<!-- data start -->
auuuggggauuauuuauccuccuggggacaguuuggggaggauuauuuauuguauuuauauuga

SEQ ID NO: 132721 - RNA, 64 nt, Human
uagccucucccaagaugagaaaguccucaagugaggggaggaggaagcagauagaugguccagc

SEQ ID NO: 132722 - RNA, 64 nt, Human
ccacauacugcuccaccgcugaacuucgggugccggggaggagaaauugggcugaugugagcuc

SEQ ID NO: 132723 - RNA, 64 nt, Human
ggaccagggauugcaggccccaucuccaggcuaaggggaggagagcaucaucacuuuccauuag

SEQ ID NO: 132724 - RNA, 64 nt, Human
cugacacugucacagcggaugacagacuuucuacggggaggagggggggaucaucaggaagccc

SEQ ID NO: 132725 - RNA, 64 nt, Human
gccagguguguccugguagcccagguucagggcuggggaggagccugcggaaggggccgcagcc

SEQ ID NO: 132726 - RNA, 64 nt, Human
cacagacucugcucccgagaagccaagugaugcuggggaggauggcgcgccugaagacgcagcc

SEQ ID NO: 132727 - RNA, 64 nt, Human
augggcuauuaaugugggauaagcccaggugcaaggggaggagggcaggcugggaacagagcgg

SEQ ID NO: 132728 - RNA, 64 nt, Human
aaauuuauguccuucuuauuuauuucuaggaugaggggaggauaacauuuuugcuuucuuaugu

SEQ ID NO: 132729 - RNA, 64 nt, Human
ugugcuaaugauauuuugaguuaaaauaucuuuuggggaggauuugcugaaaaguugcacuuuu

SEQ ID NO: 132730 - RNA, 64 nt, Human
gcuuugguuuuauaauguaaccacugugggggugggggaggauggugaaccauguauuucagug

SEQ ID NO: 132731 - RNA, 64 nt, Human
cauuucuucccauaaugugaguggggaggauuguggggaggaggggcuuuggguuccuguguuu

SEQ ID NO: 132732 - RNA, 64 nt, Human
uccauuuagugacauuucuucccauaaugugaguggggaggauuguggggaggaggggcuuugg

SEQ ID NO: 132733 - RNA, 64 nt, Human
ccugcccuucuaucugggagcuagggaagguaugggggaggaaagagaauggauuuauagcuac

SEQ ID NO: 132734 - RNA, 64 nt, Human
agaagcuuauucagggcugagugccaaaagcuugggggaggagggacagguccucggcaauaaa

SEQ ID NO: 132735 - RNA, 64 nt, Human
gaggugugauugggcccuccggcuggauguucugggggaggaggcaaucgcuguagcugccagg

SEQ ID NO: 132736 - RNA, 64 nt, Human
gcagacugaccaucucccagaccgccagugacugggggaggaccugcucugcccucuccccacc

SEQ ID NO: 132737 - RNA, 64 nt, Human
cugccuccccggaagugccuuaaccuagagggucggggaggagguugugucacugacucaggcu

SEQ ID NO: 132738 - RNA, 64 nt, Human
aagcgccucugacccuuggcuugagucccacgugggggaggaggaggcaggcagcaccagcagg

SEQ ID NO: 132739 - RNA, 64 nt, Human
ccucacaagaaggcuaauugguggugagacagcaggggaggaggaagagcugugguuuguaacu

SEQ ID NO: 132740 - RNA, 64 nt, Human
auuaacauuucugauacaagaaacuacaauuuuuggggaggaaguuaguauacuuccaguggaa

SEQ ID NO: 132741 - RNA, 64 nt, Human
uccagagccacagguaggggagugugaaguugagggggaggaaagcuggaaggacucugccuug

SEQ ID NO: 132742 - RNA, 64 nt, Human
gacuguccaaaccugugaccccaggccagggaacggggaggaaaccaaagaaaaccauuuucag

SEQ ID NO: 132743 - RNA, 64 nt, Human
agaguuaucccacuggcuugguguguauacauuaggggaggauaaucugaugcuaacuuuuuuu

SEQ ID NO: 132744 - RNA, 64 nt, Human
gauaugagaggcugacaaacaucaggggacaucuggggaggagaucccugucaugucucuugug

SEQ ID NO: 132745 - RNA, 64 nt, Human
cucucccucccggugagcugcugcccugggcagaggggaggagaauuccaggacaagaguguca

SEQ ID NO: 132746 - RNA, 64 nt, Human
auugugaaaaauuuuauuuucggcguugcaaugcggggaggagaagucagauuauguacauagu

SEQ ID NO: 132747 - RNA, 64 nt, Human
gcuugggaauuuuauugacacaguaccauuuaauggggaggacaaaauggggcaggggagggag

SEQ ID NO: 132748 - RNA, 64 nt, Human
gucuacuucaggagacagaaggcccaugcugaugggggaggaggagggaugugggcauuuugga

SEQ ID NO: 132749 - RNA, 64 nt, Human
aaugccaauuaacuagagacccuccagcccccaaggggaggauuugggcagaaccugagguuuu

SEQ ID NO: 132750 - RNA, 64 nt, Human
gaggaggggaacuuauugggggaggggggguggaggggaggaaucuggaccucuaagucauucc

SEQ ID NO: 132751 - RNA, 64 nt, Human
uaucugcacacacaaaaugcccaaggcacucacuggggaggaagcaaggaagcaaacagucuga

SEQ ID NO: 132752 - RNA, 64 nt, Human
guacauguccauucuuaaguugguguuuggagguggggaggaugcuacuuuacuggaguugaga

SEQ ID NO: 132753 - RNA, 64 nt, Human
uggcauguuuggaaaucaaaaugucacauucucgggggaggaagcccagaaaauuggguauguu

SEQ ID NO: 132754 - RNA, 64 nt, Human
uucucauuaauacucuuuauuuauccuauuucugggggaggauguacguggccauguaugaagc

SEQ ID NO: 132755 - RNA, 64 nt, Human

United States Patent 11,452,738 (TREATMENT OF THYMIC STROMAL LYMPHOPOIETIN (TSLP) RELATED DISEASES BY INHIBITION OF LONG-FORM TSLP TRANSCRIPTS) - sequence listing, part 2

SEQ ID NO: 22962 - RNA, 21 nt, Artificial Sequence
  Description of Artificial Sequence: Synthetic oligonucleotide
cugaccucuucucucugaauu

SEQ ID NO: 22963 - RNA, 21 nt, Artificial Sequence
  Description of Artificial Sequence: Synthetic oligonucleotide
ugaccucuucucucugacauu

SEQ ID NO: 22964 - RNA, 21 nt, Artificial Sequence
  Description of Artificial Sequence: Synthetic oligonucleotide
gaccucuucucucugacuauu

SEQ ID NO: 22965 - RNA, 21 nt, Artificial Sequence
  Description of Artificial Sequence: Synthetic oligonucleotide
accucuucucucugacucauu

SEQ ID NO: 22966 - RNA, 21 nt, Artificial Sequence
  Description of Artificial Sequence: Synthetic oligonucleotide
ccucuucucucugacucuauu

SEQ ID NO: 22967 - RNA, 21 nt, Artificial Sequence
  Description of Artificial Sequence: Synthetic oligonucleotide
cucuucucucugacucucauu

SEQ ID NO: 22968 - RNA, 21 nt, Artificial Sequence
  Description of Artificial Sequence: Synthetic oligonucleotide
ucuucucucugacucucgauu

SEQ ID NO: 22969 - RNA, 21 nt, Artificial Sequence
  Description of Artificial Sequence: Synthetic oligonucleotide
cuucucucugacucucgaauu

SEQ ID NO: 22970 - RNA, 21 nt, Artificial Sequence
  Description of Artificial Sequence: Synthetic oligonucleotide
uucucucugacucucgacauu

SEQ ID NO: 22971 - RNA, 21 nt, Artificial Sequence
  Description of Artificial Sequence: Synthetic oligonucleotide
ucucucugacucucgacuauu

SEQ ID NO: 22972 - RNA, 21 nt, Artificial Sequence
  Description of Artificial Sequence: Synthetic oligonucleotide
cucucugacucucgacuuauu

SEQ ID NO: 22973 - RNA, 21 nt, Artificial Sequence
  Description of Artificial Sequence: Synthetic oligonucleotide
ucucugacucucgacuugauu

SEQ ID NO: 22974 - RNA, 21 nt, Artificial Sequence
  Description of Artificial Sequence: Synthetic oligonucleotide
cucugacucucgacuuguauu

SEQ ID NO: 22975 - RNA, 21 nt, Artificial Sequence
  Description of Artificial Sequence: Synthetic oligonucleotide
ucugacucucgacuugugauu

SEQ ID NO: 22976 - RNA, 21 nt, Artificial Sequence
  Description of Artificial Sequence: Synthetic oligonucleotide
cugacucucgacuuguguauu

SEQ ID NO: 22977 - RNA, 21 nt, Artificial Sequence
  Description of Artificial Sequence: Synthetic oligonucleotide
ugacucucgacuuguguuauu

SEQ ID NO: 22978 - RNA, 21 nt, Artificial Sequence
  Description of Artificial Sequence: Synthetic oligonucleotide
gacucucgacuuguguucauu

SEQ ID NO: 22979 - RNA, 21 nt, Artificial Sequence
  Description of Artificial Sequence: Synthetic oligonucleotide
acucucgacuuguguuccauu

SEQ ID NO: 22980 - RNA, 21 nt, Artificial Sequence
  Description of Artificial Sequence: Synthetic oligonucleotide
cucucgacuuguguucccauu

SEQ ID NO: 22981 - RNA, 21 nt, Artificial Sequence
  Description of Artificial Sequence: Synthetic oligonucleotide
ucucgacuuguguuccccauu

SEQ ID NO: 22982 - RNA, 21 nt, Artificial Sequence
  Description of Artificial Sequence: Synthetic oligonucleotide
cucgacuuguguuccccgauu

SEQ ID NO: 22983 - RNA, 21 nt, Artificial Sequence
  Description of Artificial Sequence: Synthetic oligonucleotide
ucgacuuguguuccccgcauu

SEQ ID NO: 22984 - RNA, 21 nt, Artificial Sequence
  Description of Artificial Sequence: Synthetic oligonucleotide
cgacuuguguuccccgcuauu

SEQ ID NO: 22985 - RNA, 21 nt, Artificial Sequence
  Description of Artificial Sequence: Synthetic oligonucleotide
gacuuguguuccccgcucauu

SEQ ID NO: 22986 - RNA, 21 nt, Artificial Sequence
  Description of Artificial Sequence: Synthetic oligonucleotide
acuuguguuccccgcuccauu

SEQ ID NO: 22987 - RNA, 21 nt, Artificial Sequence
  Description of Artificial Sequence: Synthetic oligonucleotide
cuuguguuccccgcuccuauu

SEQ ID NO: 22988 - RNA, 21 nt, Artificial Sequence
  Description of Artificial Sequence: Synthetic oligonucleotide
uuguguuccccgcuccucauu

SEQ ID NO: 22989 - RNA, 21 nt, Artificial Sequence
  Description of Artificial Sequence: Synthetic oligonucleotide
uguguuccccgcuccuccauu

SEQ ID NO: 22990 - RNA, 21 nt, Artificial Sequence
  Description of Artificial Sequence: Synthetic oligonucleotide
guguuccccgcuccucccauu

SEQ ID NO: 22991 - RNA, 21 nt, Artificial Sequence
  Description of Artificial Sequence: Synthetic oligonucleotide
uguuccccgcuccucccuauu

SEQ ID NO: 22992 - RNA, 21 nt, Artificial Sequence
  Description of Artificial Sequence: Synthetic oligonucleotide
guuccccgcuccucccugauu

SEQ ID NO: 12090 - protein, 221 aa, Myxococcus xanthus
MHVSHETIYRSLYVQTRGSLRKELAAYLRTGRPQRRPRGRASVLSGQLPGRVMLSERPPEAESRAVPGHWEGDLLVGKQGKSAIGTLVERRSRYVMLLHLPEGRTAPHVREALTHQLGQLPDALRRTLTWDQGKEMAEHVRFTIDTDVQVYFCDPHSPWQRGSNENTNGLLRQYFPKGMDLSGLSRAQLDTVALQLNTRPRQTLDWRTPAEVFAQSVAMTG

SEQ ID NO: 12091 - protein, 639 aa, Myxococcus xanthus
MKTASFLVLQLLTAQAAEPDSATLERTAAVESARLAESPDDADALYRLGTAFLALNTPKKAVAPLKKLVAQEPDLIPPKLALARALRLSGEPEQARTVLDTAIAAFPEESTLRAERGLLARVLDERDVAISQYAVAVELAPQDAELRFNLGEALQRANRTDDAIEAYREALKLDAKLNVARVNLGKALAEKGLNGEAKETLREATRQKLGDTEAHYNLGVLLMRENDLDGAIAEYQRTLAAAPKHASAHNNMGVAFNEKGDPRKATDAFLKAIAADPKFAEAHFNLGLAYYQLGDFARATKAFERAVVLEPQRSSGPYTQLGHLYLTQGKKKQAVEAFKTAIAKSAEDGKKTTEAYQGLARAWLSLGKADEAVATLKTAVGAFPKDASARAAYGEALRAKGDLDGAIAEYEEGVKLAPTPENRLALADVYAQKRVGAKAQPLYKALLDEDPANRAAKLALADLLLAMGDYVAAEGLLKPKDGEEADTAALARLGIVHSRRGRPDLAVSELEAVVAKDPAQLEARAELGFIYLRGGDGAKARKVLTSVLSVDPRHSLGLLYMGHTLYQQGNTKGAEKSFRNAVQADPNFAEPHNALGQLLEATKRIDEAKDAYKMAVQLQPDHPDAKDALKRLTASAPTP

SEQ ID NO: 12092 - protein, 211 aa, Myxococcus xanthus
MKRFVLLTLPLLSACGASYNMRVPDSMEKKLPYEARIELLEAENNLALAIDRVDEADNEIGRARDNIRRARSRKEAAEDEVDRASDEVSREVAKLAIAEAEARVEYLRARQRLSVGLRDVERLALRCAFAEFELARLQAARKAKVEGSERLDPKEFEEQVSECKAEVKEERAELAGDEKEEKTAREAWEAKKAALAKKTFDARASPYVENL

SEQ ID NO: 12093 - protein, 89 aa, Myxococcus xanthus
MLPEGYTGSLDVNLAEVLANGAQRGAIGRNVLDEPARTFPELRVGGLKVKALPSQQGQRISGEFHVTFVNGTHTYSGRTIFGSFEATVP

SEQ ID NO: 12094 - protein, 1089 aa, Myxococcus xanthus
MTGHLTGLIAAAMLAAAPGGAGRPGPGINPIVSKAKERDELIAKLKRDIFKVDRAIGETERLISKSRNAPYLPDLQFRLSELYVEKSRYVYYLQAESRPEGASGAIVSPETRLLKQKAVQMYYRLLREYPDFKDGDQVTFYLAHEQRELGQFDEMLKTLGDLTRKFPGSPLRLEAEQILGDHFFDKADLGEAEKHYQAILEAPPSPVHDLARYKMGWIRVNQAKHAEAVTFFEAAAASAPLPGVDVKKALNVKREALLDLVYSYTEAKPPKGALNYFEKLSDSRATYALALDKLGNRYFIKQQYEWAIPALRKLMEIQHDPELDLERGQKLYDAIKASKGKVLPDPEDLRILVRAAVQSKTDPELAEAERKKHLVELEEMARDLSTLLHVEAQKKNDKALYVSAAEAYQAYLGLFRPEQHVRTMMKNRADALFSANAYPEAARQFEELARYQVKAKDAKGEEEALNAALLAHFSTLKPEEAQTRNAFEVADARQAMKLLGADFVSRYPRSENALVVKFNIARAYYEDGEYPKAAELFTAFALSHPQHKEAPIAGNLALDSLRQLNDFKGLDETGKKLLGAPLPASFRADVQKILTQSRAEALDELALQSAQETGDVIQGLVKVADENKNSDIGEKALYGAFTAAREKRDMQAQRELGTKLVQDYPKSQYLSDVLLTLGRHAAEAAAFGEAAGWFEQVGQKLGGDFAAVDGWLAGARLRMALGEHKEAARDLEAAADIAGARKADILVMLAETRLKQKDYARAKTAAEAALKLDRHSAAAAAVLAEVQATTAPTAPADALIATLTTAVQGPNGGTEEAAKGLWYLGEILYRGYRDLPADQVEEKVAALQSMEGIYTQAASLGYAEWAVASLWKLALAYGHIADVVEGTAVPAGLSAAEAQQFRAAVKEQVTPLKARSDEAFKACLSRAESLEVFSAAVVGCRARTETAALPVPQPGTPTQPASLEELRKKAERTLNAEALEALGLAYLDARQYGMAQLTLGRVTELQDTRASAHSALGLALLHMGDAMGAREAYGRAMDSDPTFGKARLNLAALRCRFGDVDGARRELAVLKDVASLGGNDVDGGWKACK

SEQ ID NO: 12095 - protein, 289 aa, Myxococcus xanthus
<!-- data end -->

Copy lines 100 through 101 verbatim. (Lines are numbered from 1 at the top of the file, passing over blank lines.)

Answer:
  Description of Artificial Sequence: Synthetic oligonucleotide
ucucucugacucucgacuauu